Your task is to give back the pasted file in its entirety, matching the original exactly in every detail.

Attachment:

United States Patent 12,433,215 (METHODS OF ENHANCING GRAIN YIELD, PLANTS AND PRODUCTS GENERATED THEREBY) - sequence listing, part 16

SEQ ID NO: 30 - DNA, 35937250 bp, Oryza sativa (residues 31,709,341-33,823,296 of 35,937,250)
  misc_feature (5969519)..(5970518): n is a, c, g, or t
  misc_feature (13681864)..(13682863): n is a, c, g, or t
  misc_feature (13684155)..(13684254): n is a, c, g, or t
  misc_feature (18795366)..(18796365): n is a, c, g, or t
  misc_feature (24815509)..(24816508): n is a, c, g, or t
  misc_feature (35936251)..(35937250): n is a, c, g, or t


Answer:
United States Patent 12,433,215 (METHODS OF ENHANCING GRAIN YIELD, PLANTS AND PRODUCTS GENERATED THEREBY) - sequence listing, part 16

SEQ ID NO: 30 - DNA, 35937250 bp, Oryza sativa (residues 31,709,341-33,823,296 of 35,937,250)
  misc_feature (5969519)..(5970518): n is a, c, g, or t
  misc_feature (13681864)..(13682863): n is a, c, g, or t
  misc_feature (13684155)..(13684254): n is a, c, g, or t
  misc_feature (18795366)..(18796365): n is a, c, g, or t
  misc_feature (24815509)..(24816508): n is a, c, g, or t
  misc_feature (35936251)..(35937250): n is a, c, g, or t